My contribution will be in the form of two questions. The Minister may be able to answer them now. If not, I hope that he will either answer them in writing or come back to the Committee. They relate to the first and second parts of the clause.
The hon. Member for Guildford referred to the first of my questions, which relates to the changing nature of biodegradable waste and how it is defined. Just as the Minister said in our last discussion, these things are dynamic, both in the processes that can be employed to assist with waste disposal, which are constantly changing, and in the nature of the materials with which we are dealing. New materials are being developed all the time—for example, plastics are becoming more biodegradable in some cases and less hazardous in others. What impact is that likely to have on the steps that we need to take to meet the requirements of the Bill? That will have an impact on recovery, reuse and recycling. Can the Minister give us more detail about the changing nature of biodegradable waste?
My second question relates to municipal waste, although, again, I do not expect the Minister necessarily to have the information to hand. I want to know how municipal waste is changing. As lifestyles, technology and the materials that we use change, so does the typical municipal waste bin. To use the Minister's phrase, what goes into wheelie bins now will be quite different from what went into them five, 10 or 20 years ago. We must have a profile of waste so that we can reach proper conclusions about how to deal with it. Unless that profile is accurate—again, I accept that this is a dynamic issue—it is hard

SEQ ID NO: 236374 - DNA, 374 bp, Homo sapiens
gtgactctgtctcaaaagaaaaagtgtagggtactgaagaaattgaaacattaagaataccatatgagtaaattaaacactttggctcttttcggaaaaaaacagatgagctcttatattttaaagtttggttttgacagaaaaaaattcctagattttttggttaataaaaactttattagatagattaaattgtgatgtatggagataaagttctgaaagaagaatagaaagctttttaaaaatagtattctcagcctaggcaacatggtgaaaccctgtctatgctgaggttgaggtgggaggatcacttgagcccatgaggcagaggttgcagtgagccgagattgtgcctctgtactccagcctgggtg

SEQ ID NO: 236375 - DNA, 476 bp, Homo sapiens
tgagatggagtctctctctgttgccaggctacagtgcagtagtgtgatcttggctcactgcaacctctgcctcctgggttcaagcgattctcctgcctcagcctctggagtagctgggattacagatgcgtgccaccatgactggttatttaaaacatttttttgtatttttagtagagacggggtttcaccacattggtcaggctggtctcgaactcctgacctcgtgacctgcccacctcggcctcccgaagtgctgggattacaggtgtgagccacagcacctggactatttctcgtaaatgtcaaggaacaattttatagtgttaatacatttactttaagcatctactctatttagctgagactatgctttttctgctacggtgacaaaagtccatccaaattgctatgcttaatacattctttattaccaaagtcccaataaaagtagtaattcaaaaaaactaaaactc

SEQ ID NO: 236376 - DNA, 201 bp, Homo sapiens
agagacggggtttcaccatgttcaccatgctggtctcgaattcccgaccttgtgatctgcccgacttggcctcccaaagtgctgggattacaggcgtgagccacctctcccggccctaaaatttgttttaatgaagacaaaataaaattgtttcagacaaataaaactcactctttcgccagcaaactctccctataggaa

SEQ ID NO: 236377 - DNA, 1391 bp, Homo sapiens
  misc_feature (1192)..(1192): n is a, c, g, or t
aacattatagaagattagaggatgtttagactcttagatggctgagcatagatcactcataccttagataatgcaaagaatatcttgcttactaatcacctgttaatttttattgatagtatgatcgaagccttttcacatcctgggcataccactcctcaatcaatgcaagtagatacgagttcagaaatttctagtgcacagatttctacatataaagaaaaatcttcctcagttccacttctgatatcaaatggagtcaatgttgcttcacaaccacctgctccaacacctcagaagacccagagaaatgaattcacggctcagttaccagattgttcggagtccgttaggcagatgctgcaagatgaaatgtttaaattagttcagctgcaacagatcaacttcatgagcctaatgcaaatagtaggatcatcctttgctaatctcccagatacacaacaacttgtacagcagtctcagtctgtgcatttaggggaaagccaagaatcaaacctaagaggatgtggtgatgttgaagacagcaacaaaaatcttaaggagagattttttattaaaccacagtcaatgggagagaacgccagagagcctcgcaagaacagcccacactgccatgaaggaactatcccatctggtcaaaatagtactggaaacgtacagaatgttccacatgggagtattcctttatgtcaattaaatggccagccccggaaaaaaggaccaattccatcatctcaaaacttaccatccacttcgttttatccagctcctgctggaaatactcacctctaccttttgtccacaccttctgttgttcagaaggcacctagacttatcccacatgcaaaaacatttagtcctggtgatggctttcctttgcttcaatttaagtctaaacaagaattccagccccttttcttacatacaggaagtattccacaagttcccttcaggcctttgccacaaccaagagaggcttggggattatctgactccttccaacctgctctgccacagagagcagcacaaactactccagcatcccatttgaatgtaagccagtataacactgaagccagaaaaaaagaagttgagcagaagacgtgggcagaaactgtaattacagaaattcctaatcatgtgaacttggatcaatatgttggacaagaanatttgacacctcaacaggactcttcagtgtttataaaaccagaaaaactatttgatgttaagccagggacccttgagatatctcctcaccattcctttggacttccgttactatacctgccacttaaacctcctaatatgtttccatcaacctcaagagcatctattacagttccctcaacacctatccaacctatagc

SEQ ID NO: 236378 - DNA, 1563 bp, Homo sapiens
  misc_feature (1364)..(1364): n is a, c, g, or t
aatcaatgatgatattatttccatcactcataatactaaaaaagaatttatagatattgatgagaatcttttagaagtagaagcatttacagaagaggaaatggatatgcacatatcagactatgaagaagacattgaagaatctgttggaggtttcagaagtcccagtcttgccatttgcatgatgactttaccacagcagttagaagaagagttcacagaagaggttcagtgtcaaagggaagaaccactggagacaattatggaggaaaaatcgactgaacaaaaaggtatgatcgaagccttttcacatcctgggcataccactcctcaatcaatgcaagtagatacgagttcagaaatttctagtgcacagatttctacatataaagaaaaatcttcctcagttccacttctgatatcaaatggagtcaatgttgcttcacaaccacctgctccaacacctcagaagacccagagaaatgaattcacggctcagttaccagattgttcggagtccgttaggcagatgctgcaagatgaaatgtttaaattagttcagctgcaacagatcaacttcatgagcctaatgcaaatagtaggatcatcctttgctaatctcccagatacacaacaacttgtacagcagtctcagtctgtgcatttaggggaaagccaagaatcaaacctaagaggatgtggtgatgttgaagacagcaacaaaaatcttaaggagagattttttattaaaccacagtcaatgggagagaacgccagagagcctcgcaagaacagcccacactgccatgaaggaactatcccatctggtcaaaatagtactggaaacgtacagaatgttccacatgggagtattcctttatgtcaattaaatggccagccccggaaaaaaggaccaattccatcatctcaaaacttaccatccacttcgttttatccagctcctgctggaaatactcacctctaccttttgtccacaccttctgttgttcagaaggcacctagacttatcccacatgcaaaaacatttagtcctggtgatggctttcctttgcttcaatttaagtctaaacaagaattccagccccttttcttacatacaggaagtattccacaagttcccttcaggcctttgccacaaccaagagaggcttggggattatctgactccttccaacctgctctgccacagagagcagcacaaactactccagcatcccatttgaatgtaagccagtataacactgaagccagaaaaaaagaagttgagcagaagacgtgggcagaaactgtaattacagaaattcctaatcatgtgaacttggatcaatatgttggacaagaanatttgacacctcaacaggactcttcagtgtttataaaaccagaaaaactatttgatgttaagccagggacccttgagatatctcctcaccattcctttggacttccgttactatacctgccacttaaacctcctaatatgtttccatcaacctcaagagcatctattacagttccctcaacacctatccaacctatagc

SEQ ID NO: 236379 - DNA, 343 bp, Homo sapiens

to reach conclusions about the Bill's likely effectiveness.
So, I am seeking information about biodegradability, the waste profile and the relevant trends. I would be grateful if the Minister could pick up those matters.